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Viral Kinetics and Antibody Responses in Patients with COVID-19

Our take —

This study integrated epidemiologic, clinical, and laboratory data to characterize SARS-CoV-2 infection from symptom onset through viral clearance. Though sample sizes were small and did not include non-hospitalized patients, it provides evidence that detection of viral RNA tends to occur coincident with cough but not fever, and is more frequently detected in sputum and stool and for longer durations of time compared to nasopharyngeal swabs. Additionally, they showed that patients with more severe disease had a longer duration of detectable RNA and higher antibody titers than those with milder disease.

Study design

Prospective Cohort

Study population and setting

This study included 67 patients with laboratory confirmed SARS-CoV2 infections who were recruited from Chongqing Public Health Medical Center, the designated COVID-19 treatment hospital in the central area of Chongqing, China between January 26 and February 5, 2020, with follow-up through February 27, 2020. Patients were followed prospectively, and information was collected on demographic and clinical characteristics. Additionally,1602 clinical specimens were collected, including nasopharyngeal swabs, sputum, blood, urine, and stool.

Summary of Main Findings

SARS-CoV2 RNA levels peaked during the first week following symptom onset in nasopharyngeal swabs, 1-20 days following symptom onset in sputum swabs, and 6-13 days following symptom onset in stool samples. RNA was detected at higher concentrations in sputum samples compared to nasopharyngeal swabs or stool, and was not consistently detected in urine or plasma. Median duration of detectable viral shedding was shortest for nasopharyngeal swabs, 12 days, compared to sputum and stool, 19 and 18 days, respectively. More than 20% of patients still had detectable RNA in any sample >30 days after symptom onset. Detectable RNA aligned well with symptoms of cough in all sample types, but not with fever or diarrhea. 57.1% of samples were positive for IgM by 28 days following symptom onset, and declined thereafter, while 74.3% of samples were positive for IgG by day 28, increasing to 86.7% by day 42. Antibody titers were higher, and viral shedding duration was longer in patients with severe disease compared to those without severe disease.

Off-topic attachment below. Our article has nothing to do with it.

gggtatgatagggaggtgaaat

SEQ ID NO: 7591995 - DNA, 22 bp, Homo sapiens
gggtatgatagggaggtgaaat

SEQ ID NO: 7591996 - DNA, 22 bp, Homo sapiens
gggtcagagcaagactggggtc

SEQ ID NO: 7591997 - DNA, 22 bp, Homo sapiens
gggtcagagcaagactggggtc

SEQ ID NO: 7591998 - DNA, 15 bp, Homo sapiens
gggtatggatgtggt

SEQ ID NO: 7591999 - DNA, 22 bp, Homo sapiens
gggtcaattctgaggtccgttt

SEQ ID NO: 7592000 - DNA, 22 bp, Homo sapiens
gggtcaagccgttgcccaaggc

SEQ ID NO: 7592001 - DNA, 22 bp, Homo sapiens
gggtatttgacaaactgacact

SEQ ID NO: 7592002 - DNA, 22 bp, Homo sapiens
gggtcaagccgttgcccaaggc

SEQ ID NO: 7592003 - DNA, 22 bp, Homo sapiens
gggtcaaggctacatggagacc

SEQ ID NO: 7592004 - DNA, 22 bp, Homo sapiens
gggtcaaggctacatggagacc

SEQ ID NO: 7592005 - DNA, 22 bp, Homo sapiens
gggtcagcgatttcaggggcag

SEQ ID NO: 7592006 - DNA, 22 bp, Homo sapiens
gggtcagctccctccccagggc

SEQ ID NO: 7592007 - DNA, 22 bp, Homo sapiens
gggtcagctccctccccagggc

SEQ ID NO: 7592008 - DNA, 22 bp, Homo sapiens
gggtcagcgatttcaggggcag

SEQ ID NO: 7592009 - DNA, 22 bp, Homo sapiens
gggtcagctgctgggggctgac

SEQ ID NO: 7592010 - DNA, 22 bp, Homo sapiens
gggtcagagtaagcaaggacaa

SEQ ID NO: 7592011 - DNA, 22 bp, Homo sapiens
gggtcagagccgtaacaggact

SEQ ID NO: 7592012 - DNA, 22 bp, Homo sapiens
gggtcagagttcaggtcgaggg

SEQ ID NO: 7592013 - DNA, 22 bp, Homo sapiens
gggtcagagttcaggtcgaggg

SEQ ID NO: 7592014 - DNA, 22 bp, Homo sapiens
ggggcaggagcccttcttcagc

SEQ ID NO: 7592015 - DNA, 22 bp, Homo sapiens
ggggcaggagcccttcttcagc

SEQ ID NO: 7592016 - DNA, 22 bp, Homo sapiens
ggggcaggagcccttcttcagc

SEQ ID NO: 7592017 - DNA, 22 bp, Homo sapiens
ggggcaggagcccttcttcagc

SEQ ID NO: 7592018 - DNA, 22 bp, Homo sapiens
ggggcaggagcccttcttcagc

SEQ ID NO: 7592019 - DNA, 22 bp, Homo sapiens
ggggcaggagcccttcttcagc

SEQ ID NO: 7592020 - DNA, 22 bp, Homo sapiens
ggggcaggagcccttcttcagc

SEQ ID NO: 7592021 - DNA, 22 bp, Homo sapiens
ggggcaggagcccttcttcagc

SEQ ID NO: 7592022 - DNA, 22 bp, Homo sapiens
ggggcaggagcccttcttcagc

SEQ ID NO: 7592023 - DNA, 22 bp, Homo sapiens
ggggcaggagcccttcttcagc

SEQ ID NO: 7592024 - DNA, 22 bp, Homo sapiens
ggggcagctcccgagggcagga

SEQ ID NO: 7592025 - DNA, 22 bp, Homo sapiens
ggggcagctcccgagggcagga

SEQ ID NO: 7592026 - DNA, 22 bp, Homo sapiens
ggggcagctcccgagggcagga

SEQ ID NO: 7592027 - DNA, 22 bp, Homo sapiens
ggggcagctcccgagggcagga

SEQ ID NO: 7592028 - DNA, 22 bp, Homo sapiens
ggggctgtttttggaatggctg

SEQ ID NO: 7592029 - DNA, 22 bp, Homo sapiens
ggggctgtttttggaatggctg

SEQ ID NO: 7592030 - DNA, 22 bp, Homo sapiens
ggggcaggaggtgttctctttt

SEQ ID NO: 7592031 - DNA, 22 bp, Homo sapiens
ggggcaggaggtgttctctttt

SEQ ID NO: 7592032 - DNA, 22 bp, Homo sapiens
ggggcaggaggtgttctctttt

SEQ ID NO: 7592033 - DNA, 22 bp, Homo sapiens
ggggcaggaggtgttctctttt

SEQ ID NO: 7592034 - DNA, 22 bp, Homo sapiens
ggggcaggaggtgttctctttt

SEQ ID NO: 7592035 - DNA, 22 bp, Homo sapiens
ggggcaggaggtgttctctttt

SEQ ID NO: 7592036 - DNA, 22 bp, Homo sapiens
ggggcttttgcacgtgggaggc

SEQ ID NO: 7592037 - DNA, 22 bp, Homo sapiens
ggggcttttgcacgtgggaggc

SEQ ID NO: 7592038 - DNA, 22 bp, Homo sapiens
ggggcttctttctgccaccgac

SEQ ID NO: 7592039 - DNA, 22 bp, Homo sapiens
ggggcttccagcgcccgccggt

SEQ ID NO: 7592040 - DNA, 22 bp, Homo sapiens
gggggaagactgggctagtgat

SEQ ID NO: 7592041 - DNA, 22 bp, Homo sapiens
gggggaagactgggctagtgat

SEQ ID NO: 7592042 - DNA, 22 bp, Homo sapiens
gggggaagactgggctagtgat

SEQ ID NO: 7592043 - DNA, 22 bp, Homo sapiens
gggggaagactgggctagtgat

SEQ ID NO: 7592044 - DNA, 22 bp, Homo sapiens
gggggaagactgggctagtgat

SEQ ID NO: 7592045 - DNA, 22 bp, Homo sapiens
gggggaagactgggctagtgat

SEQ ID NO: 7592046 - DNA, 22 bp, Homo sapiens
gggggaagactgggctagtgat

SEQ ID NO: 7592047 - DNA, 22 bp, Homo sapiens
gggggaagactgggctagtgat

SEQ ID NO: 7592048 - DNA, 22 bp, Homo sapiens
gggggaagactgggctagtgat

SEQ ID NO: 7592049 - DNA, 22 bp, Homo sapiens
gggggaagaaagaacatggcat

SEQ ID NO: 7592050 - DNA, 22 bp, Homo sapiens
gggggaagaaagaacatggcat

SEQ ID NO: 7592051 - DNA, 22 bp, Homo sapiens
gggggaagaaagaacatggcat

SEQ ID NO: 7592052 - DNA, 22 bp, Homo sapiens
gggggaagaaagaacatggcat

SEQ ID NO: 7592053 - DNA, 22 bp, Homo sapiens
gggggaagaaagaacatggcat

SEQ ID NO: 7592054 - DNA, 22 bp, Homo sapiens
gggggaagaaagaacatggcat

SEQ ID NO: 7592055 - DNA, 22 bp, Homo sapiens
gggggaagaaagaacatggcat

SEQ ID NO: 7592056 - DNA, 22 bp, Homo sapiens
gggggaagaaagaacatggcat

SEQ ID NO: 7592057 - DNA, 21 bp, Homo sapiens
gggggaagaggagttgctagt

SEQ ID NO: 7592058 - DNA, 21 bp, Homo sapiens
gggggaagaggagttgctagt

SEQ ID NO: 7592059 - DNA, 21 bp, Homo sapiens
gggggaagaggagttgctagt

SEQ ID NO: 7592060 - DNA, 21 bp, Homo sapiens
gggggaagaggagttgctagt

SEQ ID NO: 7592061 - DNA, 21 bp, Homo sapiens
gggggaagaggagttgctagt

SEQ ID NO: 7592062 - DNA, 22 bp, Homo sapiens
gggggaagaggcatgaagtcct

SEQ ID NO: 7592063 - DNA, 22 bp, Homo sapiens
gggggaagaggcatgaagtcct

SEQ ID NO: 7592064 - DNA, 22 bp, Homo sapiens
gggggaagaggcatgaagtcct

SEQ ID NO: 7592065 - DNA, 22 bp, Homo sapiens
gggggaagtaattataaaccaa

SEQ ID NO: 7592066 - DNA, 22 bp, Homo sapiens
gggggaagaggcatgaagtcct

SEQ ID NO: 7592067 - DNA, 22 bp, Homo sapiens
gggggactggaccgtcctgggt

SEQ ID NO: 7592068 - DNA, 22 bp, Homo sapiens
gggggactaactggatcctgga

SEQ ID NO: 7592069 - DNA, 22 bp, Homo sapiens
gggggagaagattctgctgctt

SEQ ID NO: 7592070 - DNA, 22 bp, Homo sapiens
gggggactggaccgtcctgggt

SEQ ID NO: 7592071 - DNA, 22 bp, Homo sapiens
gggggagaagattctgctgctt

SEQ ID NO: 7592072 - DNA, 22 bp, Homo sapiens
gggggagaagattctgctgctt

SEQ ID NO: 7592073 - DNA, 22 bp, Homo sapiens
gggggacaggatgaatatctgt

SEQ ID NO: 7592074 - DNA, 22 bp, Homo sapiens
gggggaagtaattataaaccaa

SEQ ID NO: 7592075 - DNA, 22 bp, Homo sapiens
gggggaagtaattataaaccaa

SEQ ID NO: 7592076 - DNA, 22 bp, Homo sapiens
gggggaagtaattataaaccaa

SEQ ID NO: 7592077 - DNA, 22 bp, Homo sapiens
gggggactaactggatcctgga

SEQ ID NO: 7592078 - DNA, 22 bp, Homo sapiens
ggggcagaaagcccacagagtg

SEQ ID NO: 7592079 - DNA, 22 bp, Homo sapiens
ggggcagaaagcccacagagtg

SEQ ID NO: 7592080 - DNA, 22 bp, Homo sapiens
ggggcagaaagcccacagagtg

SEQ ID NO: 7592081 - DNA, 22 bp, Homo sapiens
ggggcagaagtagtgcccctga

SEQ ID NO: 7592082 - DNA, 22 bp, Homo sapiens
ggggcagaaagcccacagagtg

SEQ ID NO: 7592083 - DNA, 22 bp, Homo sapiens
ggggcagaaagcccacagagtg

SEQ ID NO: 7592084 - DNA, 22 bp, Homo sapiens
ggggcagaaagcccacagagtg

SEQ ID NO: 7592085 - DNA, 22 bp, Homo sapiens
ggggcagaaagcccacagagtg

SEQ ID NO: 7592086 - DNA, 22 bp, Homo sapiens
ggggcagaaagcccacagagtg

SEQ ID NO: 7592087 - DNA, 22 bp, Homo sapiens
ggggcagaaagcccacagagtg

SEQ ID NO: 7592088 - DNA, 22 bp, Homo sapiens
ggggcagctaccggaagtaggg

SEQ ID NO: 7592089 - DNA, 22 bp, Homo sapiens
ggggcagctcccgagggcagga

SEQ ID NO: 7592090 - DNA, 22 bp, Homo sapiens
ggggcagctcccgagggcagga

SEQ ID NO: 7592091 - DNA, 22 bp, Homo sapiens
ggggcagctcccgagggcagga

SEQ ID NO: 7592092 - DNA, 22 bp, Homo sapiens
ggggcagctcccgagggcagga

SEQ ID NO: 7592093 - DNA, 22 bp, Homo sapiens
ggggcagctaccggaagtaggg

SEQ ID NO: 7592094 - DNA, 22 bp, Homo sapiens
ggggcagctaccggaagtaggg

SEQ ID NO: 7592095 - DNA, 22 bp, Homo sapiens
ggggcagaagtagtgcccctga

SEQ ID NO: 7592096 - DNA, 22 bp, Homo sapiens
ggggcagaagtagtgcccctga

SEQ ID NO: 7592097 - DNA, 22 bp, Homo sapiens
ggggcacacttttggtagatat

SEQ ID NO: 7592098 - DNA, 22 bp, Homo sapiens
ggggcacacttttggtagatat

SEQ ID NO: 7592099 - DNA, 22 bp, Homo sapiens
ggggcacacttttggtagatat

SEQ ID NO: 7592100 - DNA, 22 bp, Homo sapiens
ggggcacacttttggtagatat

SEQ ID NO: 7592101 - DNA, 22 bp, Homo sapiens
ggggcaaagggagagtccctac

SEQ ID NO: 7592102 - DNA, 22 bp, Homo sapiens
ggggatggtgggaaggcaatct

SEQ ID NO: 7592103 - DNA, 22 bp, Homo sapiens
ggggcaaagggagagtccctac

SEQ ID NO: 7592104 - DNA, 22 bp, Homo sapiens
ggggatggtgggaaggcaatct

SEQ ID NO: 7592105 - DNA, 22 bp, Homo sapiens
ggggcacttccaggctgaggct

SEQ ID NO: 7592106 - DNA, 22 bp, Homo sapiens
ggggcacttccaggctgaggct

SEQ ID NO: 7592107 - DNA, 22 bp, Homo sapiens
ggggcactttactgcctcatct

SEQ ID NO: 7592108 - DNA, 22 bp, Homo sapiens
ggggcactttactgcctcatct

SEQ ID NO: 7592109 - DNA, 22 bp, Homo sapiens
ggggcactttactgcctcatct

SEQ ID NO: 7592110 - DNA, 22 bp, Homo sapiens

Study Strengths

The major strengths of this study are the prospective follow up, and the serial sampling of multiple sample types from patients with varying degrees of disease severity (mild to moderate and severe). They assessed both the dynamics of viral detection in patient samples, but also the temporal trends of the immune response to infection. Authors were also able to integrate clinical, epidemiological, and laboratory data to provide a comprehensive picture of infection dynamics throughout the time course from exposure to viral clearance.


While the study did have a large clinical sample size, the sample size of patients was not large, particularly when performing stratified analysis (e.g. by disease severity).  Further, all of the patients were hospitalized, so these results may not be reflective of mild and asymptomatic cases. Samples were not run in duplicate. The clinical or epidemiological importance of detection of virus in samples like urine, plasma, and stool is unclear– for example is this associated with pathogenesis and is this detectable virus transmissible? Similarly, the epidemiological importance of long-term viral shedding and transmissibility of virus after symptoms have subsided and, the protective nature of antibodies remains to be determined at the time of publication.

Value added

This study provides insight into the temporal dynamics of clinical diagnostic markers of infection with SARS-CoV2 in multiple sample types, as well as the immune response to infection throughout the duration of infection.